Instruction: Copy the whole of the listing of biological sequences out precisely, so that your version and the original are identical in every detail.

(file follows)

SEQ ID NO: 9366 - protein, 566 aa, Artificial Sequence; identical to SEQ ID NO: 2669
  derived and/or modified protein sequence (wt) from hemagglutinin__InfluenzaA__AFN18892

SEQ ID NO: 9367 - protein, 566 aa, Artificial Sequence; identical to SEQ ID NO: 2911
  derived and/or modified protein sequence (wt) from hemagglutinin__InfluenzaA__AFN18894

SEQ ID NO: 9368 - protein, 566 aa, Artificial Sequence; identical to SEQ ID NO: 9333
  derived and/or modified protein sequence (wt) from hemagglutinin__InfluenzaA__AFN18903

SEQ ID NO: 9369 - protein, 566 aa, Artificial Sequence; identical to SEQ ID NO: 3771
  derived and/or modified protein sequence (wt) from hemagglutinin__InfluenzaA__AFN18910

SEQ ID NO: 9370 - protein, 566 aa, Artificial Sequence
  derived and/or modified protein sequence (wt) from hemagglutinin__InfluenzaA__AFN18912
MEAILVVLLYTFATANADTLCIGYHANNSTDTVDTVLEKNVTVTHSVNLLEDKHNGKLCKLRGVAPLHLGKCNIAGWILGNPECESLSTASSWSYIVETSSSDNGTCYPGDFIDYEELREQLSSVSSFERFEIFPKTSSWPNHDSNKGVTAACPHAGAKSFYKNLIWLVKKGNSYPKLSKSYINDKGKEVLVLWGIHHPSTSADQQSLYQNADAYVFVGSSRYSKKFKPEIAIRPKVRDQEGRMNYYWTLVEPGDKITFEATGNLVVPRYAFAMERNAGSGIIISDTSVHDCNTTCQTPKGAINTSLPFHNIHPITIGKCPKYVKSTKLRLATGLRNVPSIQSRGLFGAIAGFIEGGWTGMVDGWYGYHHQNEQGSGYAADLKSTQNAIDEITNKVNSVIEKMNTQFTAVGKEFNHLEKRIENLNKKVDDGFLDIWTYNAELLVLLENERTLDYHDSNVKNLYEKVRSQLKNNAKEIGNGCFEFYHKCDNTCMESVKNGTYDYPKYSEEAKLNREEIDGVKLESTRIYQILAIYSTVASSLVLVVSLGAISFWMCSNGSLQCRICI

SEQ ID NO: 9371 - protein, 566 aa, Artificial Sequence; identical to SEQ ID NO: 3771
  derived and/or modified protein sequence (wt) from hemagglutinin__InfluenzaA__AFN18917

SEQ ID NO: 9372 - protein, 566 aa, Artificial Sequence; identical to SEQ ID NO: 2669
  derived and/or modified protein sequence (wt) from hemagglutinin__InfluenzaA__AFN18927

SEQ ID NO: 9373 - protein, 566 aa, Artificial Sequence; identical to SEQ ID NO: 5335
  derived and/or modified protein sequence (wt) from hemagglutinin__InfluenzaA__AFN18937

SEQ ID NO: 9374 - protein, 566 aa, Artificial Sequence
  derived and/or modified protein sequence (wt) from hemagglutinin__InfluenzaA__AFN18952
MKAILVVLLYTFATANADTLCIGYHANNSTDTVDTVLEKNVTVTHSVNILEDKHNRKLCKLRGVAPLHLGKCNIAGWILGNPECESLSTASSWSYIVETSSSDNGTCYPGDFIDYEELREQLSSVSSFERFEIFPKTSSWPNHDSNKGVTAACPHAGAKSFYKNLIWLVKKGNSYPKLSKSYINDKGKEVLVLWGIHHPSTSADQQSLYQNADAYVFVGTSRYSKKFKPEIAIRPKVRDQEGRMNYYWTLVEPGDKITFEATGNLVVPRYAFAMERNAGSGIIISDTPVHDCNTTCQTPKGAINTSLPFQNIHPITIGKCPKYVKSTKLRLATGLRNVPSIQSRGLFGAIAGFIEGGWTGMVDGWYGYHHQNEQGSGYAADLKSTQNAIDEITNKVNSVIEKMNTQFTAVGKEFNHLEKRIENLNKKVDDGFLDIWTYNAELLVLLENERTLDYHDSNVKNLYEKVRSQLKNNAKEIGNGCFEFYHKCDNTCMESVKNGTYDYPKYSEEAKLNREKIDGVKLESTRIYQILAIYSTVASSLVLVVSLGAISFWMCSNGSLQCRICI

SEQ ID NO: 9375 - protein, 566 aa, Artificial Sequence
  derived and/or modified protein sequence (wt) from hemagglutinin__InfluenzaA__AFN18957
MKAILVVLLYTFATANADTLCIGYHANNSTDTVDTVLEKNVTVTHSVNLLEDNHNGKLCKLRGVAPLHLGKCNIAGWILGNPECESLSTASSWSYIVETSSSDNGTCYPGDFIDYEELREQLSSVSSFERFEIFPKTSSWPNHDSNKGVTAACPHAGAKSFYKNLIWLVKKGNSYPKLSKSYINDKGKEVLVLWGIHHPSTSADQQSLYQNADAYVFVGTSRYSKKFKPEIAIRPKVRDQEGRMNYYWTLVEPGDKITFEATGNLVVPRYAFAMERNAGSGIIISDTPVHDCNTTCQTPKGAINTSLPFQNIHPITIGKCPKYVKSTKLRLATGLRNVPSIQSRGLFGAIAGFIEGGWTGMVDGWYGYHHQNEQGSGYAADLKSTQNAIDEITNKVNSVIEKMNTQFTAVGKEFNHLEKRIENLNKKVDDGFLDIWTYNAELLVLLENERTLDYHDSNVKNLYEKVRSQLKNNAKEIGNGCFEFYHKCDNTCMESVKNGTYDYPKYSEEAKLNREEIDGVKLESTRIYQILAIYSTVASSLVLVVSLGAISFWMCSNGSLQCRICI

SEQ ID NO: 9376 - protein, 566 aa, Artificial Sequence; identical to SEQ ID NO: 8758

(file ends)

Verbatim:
SEQ ID NO: 9366 - protein, 566 aa, Artificial Sequence; identical to SEQ ID NO: 2669
  derived and/or modified protein sequence (wt) from hemagglutinin__InfluenzaA__AFN18892

SEQ ID NO: 9367 - protein, 566 aa, Artificial Sequence; identical to SEQ ID NO: 2911
  derived and/or modified protein sequence (wt) from hemagglutinin__InfluenzaA__AFN18894

SEQ ID NO: 9368 - protein, 566 aa, Artificial Sequence; identical to SEQ ID NO: 9333
  derived and/or modified protein sequence (wt) from hemagglutinin__InfluenzaA__AFN18903

SEQ ID NO: 9369 - protein, 566 aa, Artificial Sequence; identical to SEQ ID NO: 3771
  derived and/or modified protein sequence (wt) from hemagglutinin__InfluenzaA__AFN18910

SEQ ID NO: 9370 - protein, 566 aa, Artificial Sequence
  derived and/or modified protein sequence (wt) from hemagglutinin__InfluenzaA__AFN18912
MEAILVVLLYTFATANADTLCIGYHANNSTDTVDTVLEKNVTVTHSVNLLEDKHNGKLCKLRGVAPLHLGKCNIAGWILGNPECESLSTASSWSYIVETSSSDNGTCYPGDFIDYEELREQLSSVSSFERFEIFPKTSSWPNHDSNKGVTAACPHAGAKSFYKNLIWLVKKGNSYPKLSKSYINDKGKEVLVLWGIHHPSTSADQQSLYQNADAYVFVGSSRYSKKFKPEIAIRPKVRDQEGRMNYYWTLVEPGDKITFEATGNLVVPRYAFAMERNAGSGIIISDTSVHDCNTTCQTPKGAINTSLPFHNIHPITIGKCPKYVKSTKLRLATGLRNVPSIQSRGLFGAIAGFIEGGWTGMVDGWYGYHHQNEQGSGYAADLKSTQNAIDEITNKVNSVIEKMNTQFTAVGKEFNHLEKRIENLNKKVDDGFLDIWTYNAELLVLLENERTLDYHDSNVKNLYEKVRSQLKNNAKEIGNGCFEFYHKCDNTCMESVKNGTYDYPKYSEEAKLNREEIDGVKLESTRIYQILAIYSTVASSLVLVVSLGAISFWMCSNGSLQCRICI

SEQ ID NO: 9371 - protein, 566 aa, Artificial Sequence; identical to SEQ ID NO: 3771
  derived and/or modified protein sequence (wt) from hemagglutinin__InfluenzaA__AFN18917

SEQ ID NO: 9372 - protein, 566 aa, Artificial Sequence; identical to SEQ ID NO: 2669
  derived and/or modified protein sequence (wt) from hemagglutinin__InfluenzaA__AFN18927

SEQ ID NO: 9373 - protein, 566 aa, Artificial Sequence; identical to SEQ ID NO: 5335
  derived and/or modified protein sequence (wt) from hemagglutinin__InfluenzaA__AFN18937

SEQ ID NO: 9374 - protein, 566 aa, Artificial Sequence
  derived and/or modified protein sequence (wt) from hemagglutinin__InfluenzaA__AFN18952
MKAILVVLLYTFATANADTLCIGYHANNSTDTVDTVLEKNVTVTHSVNILEDKHNRKLCKLRGVAPLHLGKCNIAGWILGNPECESLSTASSWSYIVETSSSDNGTCYPGDFIDYEELREQLSSVSSFERFEIFPKTSSWPNHDSNKGVTAACPHAGAKSFYKNLIWLVKKGNSYPKLSKSYINDKGKEVLVLWGIHHPSTSADQQSLYQNADAYVFVGTSRYSKKFKPEIAIRPKVRDQEGRMNYYWTLVEPGDKITFEATGNLVVPRYAFAMERNAGSGIIISDTPVHDCNTTCQTPKGAINTSLPFQNIHPITIGKCPKYVKSTKLRLATGLRNVPSIQSRGLFGAIAGFIEGGWTGMVDGWYGYHHQNEQGSGYAADLKSTQNAIDEITNKVNSVIEKMNTQFTAVGKEFNHLEKRIENLNKKVDDGFLDIWTYNAELLVLLENERTLDYHDSNVKNLYEKVRSQLKNNAKEIGNGCFEFYHKCDNTCMESVKNGTYDYPKYSEEAKLNREKIDGVKLESTRIYQILAIYSTVASSLVLVVSLGAISFWMCSNGSLQCRICI

SEQ ID NO: 9375 - protein, 566 aa, Artificial Sequence
  derived and/or modified protein sequence (wt) from hemagglutinin__InfluenzaA__AFN18957
MKAILVVLLYTFATANADTLCIGYHANNSTDTVDTVLEKNVTVTHSVNLLEDNHNGKLCKLRGVAPLHLGKCNIAGWILGNPECESLSTASSWSYIVETSSSDNGTCYPGDFIDYEELREQLSSVSSFERFEIFPKTSSWPNHDSNKGVTAACPHAGAKSFYKNLIWLVKKGNSYPKLSKSYINDKGKEVLVLWGIHHPSTSADQQSLYQNADAYVFVGTSRYSKKFKPEIAIRPKVRDQEGRMNYYWTLVEPGDKITFEATGNLVVPRYAFAMERNAGSGIIISDTPVHDCNTTCQTPKGAINTSLPFQNIHPITIGKCPKYVKSTKLRLATGLRNVPSIQSRGLFGAIAGFIEGGWTGMVDGWYGYHHQNEQGSGYAADLKSTQNAIDEITNKVNSVIEKMNTQFTAVGKEFNHLEKRIENLNKKVDDGFLDIWTYNAELLVLLENERTLDYHDSNVKNLYEKVRSQLKNNAKEIGNGCFEFYHKCDNTCMESVKNGTYDYPKYSEEAKLNREEIDGVKLESTRIYQILAIYSTVASSLVLVVSLGAISFWMCSNGSLQCRICI

SEQ ID NO: 9376 - protein, 566 aa, Artificial Sequence; identical to SEQ ID NO: 8758